Schmit: ‘Real problem’ that ‘too few’ social rights exist in EU

European Commissioner for Employment and Social Rights, Nicolas Schmit, underlined on Friday (7 May) that it is a real problem that “too few” social rights exist, calling for a collective duty of the EU to provide concrete answers to citizens.

Speaking at a session on the implementation of the European Social Pillar at the Porto Social Summit, Schmit said “the Social Summit and the European Pillar of Social Rights and its Action Plan give us concrete answers” to the needs of EU citizens and, therefore, “it is important that the social and economic dimensions are seen as two sides of the same coin”.

Given that “many [citizens] see that there are too few social rights,” which is “a real problem”, Schmit argued that the EU “must not leave social rights and social protection behind”.

This is “a call that should lead us all to act”, as it is a “collective duty of a Union that defends equality and solidarity”, he stressed.

According to him, the European Social Pillar action plan, which should be approved this afternoon by the institutional and political leaders of the EU area, is an “imperative” and a “necessity” to make the European economy greener and more digital.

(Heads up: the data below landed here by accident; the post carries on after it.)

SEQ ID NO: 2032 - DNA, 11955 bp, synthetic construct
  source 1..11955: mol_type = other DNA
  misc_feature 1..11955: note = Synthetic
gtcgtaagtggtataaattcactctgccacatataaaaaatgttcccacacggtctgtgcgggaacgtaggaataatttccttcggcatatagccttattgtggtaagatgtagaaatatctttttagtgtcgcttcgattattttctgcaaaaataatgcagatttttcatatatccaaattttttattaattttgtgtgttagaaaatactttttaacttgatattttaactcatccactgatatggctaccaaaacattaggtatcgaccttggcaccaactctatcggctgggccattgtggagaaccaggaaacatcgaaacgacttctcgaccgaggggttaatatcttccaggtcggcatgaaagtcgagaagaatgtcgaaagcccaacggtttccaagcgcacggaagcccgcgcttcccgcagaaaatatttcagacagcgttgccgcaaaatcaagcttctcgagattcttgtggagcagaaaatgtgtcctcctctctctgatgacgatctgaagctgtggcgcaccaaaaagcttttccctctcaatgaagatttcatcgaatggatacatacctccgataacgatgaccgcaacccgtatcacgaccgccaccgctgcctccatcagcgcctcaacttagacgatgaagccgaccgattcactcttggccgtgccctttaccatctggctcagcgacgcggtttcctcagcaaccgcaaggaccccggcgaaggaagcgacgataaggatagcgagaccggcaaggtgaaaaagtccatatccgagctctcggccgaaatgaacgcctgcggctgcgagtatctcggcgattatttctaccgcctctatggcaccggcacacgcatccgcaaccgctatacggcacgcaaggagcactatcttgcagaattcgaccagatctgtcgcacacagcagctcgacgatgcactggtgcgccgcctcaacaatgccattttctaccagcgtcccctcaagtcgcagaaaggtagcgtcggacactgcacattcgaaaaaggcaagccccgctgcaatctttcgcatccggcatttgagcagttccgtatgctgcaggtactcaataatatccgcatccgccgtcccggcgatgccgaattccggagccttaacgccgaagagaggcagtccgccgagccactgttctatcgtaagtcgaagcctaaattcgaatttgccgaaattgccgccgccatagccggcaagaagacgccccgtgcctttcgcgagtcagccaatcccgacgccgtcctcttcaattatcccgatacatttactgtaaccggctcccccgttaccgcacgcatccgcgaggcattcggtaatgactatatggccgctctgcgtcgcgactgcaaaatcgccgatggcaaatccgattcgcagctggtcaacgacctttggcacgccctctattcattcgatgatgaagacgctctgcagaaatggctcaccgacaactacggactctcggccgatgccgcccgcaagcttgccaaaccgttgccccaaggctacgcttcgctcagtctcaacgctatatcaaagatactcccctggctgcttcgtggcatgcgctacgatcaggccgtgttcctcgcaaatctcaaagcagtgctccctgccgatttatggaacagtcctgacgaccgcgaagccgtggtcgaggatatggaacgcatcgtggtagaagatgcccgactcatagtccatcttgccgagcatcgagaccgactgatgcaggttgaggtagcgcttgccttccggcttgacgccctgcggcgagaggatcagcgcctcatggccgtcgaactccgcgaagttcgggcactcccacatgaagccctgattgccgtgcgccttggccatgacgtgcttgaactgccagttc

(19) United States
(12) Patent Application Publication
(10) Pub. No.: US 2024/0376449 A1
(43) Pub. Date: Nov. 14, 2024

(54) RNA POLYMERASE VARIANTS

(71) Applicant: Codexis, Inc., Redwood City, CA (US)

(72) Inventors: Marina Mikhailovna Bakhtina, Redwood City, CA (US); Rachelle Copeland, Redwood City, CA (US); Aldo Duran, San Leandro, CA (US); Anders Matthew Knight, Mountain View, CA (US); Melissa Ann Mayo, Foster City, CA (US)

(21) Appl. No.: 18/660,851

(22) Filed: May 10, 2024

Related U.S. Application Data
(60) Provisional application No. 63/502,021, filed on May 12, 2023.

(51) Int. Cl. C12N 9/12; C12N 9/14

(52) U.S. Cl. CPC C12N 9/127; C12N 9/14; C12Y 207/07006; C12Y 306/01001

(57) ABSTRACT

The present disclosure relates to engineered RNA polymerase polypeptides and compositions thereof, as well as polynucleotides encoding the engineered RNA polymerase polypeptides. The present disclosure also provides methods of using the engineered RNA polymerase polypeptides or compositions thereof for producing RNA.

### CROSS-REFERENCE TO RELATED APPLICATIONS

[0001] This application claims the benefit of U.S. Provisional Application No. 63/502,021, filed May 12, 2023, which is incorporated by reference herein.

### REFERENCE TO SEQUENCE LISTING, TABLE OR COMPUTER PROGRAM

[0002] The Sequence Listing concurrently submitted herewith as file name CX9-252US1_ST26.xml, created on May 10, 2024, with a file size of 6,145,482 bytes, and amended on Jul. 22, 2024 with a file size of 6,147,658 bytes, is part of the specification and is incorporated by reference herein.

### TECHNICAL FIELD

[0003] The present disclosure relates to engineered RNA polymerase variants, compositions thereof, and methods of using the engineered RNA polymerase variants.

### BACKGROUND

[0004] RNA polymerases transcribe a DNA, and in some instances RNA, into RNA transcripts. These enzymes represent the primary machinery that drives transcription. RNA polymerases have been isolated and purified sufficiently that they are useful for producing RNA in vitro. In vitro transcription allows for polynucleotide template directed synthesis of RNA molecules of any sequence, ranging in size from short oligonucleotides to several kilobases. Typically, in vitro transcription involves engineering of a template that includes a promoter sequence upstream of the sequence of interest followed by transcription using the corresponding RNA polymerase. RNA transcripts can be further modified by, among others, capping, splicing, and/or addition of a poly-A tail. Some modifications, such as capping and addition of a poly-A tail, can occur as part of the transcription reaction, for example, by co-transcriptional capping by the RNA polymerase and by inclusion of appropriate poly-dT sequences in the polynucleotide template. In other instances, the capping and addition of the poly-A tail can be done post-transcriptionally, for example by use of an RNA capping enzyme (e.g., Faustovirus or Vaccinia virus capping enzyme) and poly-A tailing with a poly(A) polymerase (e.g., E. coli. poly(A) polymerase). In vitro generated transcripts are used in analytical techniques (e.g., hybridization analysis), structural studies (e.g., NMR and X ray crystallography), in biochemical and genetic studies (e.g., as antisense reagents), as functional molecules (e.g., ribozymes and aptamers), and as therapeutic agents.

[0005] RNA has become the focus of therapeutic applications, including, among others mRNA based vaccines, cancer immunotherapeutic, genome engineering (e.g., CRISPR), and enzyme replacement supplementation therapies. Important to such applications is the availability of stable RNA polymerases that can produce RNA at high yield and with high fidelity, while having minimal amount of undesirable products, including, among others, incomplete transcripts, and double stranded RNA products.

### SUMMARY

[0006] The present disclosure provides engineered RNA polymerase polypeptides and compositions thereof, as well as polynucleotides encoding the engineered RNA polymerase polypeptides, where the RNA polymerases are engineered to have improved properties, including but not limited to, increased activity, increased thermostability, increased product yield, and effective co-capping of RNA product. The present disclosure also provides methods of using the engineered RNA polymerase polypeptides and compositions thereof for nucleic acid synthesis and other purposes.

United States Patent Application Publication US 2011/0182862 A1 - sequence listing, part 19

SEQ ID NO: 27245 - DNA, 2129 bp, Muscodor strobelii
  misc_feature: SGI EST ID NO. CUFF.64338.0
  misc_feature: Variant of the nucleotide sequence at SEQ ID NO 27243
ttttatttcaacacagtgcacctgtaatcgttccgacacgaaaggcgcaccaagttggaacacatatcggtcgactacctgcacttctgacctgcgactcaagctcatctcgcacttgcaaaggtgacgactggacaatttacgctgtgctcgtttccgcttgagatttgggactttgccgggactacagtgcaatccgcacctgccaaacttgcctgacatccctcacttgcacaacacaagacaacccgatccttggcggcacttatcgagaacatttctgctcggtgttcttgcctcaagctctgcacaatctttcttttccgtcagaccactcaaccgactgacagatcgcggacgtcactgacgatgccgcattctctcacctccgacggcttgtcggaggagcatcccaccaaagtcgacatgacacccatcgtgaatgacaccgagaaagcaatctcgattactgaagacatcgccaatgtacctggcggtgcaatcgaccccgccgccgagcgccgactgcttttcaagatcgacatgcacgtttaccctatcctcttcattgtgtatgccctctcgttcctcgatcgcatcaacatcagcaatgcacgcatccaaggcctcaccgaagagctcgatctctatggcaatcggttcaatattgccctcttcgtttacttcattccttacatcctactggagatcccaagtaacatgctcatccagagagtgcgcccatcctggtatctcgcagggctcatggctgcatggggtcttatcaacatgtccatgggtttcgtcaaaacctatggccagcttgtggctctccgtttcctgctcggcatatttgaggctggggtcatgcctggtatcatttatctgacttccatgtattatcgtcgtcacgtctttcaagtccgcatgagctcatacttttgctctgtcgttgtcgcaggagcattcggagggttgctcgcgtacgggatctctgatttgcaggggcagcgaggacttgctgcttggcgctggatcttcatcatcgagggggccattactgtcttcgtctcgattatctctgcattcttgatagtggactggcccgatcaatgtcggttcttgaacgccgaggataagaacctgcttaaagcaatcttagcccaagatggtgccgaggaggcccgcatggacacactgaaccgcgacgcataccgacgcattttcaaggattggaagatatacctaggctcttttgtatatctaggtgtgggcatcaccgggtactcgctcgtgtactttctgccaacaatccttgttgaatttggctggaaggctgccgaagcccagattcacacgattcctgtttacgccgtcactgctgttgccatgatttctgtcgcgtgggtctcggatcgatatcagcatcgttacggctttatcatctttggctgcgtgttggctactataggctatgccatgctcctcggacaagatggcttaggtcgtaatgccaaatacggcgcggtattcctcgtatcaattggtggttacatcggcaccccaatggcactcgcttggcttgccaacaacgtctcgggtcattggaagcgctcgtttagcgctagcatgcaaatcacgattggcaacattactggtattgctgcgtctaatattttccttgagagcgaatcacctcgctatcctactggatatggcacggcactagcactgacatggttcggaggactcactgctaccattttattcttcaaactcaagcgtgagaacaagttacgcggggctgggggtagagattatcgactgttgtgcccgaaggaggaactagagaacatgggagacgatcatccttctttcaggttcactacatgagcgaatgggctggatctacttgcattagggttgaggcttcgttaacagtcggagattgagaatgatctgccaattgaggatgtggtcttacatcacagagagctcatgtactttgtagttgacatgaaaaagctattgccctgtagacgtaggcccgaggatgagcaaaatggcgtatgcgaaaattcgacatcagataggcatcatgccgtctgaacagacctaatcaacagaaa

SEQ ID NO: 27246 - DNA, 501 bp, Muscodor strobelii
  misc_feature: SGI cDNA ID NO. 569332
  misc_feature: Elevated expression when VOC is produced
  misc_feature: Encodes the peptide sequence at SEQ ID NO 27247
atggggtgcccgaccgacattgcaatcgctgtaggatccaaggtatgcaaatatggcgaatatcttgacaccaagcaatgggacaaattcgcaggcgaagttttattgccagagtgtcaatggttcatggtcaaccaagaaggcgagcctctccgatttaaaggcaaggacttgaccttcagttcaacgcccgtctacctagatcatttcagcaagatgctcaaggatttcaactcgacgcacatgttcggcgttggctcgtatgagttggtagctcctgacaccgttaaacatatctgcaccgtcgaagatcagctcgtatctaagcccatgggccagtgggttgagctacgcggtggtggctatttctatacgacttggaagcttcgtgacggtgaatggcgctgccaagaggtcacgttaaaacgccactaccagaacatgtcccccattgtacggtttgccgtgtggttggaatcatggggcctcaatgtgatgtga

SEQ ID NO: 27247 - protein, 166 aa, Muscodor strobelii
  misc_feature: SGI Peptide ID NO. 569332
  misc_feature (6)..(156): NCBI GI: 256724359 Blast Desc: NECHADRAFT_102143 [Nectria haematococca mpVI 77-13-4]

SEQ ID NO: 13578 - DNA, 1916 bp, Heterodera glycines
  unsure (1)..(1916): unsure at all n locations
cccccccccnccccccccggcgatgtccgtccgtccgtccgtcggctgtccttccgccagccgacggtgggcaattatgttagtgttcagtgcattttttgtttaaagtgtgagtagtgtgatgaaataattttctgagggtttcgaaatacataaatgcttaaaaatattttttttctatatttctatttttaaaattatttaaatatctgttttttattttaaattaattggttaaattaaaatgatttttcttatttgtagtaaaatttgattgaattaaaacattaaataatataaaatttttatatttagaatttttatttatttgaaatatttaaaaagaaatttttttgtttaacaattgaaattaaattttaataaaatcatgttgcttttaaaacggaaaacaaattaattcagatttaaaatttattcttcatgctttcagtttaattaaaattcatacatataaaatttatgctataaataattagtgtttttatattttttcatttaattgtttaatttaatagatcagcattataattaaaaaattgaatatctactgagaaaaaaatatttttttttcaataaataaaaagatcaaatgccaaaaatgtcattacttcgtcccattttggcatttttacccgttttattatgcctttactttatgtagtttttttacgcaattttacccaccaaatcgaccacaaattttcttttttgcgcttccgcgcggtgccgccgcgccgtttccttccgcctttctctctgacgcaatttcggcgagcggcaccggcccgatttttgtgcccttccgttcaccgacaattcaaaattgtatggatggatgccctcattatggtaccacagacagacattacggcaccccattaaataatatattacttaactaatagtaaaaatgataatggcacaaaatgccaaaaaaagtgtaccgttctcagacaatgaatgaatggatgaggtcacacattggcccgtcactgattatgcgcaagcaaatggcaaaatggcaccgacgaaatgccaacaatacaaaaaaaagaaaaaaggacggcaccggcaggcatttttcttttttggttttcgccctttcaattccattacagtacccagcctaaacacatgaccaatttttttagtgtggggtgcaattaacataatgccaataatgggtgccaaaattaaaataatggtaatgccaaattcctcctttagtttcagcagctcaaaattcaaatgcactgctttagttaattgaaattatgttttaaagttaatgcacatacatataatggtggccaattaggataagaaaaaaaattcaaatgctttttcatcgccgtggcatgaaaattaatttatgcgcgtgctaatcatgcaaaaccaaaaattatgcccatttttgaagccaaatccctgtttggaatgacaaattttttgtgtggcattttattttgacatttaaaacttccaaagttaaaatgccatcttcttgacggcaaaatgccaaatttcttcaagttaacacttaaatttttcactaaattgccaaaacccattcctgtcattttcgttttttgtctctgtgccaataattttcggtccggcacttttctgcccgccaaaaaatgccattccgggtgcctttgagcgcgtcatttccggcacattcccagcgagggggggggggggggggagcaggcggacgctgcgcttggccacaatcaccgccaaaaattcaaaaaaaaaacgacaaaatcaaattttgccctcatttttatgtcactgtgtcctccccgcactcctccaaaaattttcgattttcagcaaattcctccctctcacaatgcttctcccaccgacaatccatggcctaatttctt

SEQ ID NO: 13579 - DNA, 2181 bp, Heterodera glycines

However, he noted, this “will entail major changes” and “the impact will not be felt equally across Europe”, so “collective bargaining must be an essential element” in the post-pandemic recovery.

Schmit pointed out, in this sense, that the “response to the challenges” caused by the COVID-19 pandemic “passes through the action plan” which is also the EU’s “path to success”.

Therefore, “if we do not invest today in our communities, in our schools, in our training centres and in our employment services, we will not succeed”, he stressed.

The Commissioner stressed the need to “turn the 20 principles” of the European Pillar of Social Rights into “real policies that are felt by citizens”, so member states “cannot just push ahead with targets and [then] sit back”.

“The great promise is really prosperity for all. We cannot just wait for the institutions or just member states to act individually because we are all responsible for this project,” he said.

The Social Summit takes place today in Porto with the presence of 24 of the 27 EU heads of state and government, meeting to define Europe’s social agenda for the next decade.

Defined by the Portuguese presidency as the high point of the semester, the Social Summit has at the heart of the agenda the action plan of the European Pillar of Social Rights, presented by the European Commission in March.

The pillar foresees three major goals for 2030: to have at least 78% of the population employed, 60% of workers receiving training annually and to remove 15 million people, five million of whom are children, from the risk of poverty and social exclusion.


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